estimated 70000 Afghan refugees have crossed over into Afghanistan. Sadly there has been inevitable collateral damage and the displaced men, women and children are suffering. The military is relying on air delivered and support weapon fire power to clear what is being described as the ‘center of gravity’ and ‘fortress’ of the insurgency and much is being made of insurgent motivation. The military operation continues but as in all counter insurgency operations the biggest constraint is the fact these are our people and we have to eventually resolve the conflict with them. This led to the idea of loyal tribesmen forming lashkars that would resist militant incursion—the devastating suicide attack in Aurakzai Agency of FATA targeted a jirga convened to form such a lashkar. The effect of the direct clash in the battle and the indirect impact of the ‘external maneuver’ have a significant co-relationship.

There are events that impact on Bajaur and create a broader picture. The attacks by US forces on targets in the FATA-Afghanistan border areas; reports of talks with Taleban to end what is increasingly being seen as an ‘unwinnable war’; indications of US plans to ‘revisit Afghanistan and Pakistan’ in their overall strategy for the region and their evolving relationship with India and, finally, the internal situation within Pakistan---especially the vulnerability created by the economic and security situation. The ongoing ‘in camera’ briefing to the Joint Session of Parliament must have been under this broad overview with a comprehensive threat perception picture and the total national response to the threat. The military’s operational briefing was evidently one facet of this response and the last meeting of the Joint Chiefs of Staff Committee highlighted this aspect with the assurance of services support to the governments’ efforts to combat the threat.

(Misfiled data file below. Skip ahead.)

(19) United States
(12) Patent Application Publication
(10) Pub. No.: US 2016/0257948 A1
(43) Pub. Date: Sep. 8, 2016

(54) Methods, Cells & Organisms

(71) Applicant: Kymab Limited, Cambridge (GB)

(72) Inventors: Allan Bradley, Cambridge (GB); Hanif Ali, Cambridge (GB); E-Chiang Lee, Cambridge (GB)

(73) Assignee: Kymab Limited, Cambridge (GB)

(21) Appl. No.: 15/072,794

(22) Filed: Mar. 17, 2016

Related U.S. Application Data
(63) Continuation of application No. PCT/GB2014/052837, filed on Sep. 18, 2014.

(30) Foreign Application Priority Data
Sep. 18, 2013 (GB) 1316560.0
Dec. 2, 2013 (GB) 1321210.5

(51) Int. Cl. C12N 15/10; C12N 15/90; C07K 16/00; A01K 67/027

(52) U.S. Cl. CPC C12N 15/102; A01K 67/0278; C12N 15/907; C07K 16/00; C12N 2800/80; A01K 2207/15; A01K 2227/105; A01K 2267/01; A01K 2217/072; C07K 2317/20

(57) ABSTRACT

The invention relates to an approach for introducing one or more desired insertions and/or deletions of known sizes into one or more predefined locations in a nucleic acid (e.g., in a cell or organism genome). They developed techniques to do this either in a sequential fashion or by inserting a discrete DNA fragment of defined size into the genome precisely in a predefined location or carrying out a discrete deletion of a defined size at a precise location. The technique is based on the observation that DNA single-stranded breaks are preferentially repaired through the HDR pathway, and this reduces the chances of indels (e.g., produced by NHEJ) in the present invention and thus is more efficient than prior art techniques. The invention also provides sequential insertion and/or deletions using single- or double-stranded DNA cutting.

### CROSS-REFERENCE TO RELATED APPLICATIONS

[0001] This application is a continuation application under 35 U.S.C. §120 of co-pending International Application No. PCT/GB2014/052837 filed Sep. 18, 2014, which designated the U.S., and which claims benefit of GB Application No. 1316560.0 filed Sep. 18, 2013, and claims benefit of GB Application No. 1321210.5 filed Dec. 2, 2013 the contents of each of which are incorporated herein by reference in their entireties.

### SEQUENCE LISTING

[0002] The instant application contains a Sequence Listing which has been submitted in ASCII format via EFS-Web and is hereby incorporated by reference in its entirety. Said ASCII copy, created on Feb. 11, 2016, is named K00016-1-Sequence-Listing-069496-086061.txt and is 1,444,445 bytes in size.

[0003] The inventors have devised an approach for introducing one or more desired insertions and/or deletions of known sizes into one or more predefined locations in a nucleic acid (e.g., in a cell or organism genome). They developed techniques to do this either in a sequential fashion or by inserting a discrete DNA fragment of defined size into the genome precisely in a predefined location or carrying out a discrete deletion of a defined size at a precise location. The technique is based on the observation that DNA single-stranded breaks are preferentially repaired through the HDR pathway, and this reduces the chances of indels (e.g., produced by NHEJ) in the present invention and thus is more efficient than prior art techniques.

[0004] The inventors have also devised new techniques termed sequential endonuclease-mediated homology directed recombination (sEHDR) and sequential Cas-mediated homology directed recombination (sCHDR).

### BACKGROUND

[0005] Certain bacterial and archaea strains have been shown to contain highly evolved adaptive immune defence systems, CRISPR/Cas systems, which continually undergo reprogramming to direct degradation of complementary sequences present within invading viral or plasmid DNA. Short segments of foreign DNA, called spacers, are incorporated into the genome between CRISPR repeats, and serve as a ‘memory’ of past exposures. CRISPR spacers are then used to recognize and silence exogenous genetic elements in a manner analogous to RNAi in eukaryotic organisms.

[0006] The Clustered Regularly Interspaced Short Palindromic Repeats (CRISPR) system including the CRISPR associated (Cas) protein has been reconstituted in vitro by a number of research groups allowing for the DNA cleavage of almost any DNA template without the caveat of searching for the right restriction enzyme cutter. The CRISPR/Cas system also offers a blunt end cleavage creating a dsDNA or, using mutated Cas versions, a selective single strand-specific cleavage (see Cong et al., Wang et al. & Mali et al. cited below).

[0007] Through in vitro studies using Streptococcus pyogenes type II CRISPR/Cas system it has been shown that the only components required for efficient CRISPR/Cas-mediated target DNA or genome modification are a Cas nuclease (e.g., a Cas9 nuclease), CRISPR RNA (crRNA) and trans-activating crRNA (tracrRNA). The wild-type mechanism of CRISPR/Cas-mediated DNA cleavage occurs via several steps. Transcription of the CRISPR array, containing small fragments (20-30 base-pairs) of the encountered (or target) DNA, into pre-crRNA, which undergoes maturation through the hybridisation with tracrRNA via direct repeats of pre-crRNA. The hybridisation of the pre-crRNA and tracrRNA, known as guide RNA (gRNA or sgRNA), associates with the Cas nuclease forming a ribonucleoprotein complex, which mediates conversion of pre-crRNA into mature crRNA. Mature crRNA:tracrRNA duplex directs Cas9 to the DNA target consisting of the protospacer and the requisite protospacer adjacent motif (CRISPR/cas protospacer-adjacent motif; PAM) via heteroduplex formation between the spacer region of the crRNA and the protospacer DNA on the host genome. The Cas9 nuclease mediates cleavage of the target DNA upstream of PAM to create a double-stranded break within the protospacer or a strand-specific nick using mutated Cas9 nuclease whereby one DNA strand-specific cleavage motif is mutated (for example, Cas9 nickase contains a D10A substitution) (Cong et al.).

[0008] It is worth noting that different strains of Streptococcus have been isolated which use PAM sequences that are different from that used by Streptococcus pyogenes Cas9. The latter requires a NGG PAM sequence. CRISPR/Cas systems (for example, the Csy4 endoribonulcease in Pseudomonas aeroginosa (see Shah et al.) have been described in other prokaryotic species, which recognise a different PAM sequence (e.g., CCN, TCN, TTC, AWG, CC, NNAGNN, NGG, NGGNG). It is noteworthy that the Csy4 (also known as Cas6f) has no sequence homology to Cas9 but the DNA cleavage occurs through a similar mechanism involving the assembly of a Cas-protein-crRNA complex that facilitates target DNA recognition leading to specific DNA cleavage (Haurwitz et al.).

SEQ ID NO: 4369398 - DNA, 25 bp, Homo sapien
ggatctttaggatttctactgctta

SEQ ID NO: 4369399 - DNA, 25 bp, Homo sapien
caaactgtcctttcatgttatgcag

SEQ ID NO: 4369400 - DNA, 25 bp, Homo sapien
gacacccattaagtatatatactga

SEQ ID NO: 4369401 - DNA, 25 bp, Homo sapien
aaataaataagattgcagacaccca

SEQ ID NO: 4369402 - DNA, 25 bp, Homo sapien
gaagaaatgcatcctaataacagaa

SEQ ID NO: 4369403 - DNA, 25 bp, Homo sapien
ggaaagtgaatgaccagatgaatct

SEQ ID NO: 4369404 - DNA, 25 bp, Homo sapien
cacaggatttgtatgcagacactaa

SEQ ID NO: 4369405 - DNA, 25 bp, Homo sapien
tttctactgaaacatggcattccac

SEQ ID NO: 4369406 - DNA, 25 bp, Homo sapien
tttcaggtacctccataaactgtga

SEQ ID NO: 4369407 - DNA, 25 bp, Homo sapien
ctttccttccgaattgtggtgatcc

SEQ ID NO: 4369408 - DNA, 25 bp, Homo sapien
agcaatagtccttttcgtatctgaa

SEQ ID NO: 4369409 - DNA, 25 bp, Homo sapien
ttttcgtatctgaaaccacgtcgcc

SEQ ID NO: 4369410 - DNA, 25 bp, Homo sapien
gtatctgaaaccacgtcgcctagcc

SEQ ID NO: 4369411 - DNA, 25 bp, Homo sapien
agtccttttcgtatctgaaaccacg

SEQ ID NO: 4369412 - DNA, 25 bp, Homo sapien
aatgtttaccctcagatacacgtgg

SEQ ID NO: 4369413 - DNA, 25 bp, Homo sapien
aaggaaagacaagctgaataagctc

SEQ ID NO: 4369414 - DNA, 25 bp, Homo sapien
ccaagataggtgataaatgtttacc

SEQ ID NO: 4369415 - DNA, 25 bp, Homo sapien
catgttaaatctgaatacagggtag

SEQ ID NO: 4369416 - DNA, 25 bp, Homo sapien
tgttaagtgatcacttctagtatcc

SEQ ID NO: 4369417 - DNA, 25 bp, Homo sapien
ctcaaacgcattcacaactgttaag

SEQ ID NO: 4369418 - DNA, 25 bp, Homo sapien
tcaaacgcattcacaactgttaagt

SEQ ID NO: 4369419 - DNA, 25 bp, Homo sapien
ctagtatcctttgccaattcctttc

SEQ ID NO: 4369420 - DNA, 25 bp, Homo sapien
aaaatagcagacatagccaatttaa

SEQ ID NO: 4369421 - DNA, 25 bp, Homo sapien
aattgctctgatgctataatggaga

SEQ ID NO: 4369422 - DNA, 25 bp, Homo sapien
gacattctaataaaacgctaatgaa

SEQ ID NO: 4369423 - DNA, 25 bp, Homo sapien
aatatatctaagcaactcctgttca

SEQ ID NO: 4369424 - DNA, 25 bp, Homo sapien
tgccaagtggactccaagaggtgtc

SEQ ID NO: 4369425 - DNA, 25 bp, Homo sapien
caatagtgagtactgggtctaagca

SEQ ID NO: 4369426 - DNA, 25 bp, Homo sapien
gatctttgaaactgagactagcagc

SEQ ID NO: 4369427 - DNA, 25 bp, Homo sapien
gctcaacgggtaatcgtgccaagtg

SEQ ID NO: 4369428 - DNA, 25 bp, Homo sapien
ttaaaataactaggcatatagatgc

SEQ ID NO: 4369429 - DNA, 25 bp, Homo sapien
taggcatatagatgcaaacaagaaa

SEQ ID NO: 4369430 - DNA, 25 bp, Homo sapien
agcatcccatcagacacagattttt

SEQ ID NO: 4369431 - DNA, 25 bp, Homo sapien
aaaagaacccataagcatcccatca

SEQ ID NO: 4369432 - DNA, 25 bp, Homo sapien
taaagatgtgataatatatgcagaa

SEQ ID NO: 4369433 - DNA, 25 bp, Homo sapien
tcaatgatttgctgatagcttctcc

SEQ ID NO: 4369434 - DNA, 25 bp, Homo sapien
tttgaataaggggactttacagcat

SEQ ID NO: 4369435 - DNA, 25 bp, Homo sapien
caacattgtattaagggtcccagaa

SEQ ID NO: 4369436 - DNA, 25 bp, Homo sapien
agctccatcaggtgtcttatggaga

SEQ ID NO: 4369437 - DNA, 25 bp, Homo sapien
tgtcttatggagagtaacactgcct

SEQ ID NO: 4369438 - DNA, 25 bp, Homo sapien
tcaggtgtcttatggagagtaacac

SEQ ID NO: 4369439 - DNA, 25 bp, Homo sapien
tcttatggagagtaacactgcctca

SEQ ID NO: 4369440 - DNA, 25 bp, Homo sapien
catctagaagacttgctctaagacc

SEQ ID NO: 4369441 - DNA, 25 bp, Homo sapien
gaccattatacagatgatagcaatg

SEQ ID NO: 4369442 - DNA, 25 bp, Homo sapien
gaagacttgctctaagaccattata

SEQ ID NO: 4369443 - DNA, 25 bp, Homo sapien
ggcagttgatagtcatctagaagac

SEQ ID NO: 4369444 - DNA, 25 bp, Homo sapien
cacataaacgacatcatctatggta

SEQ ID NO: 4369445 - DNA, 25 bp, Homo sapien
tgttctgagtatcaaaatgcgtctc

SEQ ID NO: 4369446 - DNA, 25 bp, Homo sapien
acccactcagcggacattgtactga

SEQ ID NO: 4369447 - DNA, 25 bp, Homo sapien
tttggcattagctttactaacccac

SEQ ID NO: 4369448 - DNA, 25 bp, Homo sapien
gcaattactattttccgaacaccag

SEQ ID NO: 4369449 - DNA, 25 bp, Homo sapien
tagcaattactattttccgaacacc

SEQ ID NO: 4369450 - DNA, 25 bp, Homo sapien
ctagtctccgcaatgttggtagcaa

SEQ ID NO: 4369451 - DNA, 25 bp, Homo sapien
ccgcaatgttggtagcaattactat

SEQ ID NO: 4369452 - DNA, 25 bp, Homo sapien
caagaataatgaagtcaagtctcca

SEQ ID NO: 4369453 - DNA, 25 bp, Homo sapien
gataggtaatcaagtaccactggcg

Victory in battles is important because this sets the stage for conflict resolution. But in today’s globalized and interconnected world it is important to project the image of an economically viable, politically stable and environmentally secure country---this makes battle fighting capacity credible. No longer can statements and media footage create impressions---the reality on the ground and within the state is visible to all. The heart of the problem is the declining economic situation because of external and internal factors. Fortunately there are answers. US support to a strategic ally---if only we all fully accept the reality of this partnership—and unstinted support from the UK and all the Friends of Pakistan forum members as well as the Enhanced Partnership with Pakistan bill making its way through US legislative procedures.. There is support from the World Bank and with subsidies gone we should not have a problem with going to the IMF. Iran has promised support and the bilateral relationship with India is on a reasonably positive track. The Muslim world has always been supportive. There is crisis management capacity (we have just weathered a subversive onslaught on our banking system) and enormous resilience. Suffering can be endured if there is the perception that it is universally distributed--- otherwise social pressures can be massively destabilizing. Responsive governance stemming from political stability can be a decisive factor.